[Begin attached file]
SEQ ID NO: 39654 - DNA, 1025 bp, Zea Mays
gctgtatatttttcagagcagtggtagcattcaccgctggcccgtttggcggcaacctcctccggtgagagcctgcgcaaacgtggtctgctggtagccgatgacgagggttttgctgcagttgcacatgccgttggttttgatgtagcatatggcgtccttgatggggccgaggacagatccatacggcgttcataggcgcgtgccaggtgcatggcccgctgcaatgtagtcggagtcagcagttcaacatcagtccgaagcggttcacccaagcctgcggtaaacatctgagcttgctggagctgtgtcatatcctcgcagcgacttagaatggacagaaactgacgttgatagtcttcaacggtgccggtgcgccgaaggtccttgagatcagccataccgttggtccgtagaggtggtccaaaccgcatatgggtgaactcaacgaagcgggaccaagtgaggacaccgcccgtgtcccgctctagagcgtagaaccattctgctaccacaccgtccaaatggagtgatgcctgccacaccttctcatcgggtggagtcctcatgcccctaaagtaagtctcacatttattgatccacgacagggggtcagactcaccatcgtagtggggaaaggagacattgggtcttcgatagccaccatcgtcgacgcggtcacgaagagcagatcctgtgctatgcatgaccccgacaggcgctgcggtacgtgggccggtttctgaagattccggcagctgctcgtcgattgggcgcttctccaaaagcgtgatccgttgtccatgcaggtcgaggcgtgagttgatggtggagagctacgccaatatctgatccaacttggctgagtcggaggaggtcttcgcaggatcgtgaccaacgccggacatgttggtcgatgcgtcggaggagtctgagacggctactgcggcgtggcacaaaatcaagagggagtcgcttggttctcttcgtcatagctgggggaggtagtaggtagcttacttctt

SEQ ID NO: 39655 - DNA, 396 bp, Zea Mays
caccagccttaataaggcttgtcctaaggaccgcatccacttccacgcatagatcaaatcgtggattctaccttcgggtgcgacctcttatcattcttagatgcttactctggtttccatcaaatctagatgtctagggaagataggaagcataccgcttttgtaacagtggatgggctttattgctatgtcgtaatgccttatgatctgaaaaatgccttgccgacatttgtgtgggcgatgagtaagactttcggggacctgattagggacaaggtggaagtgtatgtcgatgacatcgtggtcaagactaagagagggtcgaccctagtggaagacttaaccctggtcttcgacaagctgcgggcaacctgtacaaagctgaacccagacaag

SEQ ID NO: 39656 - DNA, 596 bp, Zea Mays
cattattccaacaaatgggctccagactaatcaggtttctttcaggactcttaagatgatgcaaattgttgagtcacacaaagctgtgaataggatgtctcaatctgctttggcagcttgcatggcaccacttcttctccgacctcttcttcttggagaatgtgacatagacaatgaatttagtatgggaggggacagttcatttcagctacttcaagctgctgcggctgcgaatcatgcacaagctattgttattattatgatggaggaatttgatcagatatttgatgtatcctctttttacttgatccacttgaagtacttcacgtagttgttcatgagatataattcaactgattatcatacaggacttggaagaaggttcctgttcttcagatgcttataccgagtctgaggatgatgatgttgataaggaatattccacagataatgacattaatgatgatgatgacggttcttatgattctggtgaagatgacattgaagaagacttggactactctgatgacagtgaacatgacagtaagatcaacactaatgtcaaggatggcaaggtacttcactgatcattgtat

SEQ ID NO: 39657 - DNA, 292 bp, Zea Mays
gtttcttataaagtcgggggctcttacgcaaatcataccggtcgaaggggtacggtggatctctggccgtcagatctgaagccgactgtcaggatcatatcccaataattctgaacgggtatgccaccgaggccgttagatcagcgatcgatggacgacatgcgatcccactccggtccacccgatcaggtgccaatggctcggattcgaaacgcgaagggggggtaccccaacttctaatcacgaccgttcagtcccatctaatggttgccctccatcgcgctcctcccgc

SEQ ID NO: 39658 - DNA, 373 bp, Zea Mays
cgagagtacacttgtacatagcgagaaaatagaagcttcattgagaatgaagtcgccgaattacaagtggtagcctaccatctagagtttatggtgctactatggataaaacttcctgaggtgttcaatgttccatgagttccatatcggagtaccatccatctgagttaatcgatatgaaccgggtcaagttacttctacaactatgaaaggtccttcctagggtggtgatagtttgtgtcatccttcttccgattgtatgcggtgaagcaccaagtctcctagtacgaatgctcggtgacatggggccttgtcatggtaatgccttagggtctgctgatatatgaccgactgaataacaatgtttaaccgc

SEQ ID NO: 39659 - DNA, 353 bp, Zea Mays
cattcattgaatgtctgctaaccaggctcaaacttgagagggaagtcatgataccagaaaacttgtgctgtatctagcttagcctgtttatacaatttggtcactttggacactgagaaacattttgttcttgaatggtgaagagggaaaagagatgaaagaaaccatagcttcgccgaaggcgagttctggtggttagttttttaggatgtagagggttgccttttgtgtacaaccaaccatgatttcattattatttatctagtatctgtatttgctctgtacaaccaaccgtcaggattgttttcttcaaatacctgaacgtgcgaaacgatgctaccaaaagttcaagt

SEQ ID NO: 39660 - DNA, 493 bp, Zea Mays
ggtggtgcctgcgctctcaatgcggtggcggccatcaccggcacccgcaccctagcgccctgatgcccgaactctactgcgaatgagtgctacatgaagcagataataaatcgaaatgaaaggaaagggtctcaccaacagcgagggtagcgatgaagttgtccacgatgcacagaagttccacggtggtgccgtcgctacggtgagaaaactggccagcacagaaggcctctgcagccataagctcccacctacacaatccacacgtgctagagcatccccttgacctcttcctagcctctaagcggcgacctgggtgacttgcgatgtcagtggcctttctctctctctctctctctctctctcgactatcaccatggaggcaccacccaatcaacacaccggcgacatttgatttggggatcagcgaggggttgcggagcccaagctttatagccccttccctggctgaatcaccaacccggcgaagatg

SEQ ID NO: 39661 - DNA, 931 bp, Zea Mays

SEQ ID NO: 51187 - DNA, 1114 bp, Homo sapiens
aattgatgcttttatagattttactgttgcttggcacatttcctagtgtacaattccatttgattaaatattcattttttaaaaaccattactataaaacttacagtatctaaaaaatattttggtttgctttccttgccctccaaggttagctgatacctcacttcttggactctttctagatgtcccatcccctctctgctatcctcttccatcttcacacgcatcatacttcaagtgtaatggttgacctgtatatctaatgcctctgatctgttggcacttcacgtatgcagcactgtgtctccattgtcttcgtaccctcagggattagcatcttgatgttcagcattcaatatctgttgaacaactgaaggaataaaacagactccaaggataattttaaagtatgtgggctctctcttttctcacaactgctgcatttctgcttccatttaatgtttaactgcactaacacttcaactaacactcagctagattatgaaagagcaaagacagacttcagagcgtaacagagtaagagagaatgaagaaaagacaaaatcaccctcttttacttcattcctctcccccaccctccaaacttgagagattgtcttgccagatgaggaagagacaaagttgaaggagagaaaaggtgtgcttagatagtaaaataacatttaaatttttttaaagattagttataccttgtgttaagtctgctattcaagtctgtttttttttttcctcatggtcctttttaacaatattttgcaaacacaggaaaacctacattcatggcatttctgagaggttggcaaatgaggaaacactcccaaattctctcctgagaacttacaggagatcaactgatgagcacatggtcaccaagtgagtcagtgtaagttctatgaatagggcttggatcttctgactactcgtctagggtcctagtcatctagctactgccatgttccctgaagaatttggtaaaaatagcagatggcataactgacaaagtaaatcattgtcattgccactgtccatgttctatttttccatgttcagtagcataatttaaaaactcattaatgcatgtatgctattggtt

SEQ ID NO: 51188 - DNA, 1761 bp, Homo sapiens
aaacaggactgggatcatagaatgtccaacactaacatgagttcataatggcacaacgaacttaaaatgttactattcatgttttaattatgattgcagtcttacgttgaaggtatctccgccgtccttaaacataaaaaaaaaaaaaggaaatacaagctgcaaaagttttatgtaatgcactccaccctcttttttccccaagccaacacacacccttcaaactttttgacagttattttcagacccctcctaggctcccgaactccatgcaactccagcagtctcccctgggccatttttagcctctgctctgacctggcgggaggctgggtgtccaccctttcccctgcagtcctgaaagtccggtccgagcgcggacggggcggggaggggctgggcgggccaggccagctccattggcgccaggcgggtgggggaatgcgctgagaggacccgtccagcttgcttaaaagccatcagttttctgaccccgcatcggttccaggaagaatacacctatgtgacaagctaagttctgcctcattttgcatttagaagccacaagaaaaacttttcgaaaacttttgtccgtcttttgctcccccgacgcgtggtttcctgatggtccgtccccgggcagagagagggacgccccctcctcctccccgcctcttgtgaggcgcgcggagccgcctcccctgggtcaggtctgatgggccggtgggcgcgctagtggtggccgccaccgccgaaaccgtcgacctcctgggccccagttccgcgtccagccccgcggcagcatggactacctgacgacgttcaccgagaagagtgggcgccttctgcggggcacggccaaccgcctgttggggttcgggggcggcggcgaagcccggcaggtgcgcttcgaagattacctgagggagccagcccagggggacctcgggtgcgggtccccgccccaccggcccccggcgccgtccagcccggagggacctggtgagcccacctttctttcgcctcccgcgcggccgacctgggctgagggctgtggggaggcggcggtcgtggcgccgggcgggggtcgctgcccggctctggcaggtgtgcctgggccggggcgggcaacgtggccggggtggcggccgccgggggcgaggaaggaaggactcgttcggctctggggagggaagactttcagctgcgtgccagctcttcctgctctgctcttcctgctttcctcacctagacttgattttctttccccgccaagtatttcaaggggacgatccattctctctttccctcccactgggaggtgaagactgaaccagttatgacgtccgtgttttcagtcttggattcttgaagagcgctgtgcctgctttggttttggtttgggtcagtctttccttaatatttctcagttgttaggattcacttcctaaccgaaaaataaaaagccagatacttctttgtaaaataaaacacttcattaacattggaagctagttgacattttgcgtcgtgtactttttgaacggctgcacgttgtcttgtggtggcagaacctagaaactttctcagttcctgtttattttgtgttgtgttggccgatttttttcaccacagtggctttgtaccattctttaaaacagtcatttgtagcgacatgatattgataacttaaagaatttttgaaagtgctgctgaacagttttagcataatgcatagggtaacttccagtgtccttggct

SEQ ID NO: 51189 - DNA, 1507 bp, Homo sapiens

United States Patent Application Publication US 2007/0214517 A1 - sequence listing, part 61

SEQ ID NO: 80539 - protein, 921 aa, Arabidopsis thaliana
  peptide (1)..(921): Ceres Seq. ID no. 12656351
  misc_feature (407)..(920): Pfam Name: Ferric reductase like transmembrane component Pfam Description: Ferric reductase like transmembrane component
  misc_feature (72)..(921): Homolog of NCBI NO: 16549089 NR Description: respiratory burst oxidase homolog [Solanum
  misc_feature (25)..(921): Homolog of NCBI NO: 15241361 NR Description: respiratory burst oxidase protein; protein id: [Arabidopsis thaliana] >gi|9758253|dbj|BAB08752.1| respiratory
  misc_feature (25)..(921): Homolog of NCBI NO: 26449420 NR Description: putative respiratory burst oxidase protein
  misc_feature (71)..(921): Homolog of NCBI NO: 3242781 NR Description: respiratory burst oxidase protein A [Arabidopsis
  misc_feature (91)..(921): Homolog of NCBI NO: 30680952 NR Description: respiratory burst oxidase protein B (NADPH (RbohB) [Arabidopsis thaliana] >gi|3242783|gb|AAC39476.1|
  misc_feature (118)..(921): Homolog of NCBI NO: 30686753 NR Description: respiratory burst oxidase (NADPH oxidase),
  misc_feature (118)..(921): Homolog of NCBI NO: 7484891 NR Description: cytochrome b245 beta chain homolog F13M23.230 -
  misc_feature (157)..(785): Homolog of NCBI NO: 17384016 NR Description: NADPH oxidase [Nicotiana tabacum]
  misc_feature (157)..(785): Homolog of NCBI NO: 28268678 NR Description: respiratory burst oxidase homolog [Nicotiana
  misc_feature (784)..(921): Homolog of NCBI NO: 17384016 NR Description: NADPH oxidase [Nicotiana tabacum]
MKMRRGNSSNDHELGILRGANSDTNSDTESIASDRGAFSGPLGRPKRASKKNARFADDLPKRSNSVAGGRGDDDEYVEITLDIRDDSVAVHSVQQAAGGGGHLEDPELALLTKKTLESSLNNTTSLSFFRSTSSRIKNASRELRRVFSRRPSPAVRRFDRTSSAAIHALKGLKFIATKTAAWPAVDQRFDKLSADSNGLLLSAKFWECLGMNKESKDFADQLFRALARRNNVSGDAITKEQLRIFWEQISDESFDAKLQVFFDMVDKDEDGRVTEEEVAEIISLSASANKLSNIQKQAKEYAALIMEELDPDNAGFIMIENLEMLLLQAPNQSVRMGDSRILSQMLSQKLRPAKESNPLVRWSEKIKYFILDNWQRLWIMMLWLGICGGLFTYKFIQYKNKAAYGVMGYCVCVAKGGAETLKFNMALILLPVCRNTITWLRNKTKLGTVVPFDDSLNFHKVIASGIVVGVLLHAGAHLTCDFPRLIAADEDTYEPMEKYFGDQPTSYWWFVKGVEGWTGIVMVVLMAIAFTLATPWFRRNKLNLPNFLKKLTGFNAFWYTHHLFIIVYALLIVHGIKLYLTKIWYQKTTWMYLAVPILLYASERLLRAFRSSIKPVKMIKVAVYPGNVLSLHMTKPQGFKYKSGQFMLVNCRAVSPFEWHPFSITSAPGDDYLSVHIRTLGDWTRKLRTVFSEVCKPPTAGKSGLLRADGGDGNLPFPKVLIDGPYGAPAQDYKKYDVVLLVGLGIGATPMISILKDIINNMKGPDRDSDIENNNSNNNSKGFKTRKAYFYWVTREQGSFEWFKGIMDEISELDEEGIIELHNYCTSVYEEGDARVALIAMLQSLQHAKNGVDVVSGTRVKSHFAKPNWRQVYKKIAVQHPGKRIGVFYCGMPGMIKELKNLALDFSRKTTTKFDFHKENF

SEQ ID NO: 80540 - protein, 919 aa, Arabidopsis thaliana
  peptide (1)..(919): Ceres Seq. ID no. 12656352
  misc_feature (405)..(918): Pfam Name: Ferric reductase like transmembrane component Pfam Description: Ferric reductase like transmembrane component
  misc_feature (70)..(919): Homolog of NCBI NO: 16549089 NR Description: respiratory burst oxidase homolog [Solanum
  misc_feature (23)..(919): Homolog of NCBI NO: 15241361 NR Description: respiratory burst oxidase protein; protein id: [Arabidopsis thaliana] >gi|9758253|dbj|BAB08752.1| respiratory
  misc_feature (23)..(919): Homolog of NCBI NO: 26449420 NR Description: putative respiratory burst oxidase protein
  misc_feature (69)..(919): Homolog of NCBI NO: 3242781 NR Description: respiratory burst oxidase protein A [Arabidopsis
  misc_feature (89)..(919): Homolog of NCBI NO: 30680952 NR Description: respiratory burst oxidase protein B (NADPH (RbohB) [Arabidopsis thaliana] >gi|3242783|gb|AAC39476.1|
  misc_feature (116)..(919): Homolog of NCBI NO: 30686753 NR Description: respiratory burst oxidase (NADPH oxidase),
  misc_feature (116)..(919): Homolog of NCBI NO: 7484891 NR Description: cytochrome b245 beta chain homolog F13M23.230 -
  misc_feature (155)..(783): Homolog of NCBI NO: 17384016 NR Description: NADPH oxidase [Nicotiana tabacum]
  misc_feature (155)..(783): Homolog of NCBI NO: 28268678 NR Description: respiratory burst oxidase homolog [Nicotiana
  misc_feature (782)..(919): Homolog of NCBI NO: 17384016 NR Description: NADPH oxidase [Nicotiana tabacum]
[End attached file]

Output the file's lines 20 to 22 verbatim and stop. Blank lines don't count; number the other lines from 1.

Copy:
SEQ ID NO: 51189 - DNA, 1507 bp, Homo sapiens

United States Patent Application Publication US 2007/0214517 A1 - sequence listing, part 61

SEQ ID NO: 80539 - protein, 921 aa, Arabidopsis thaliana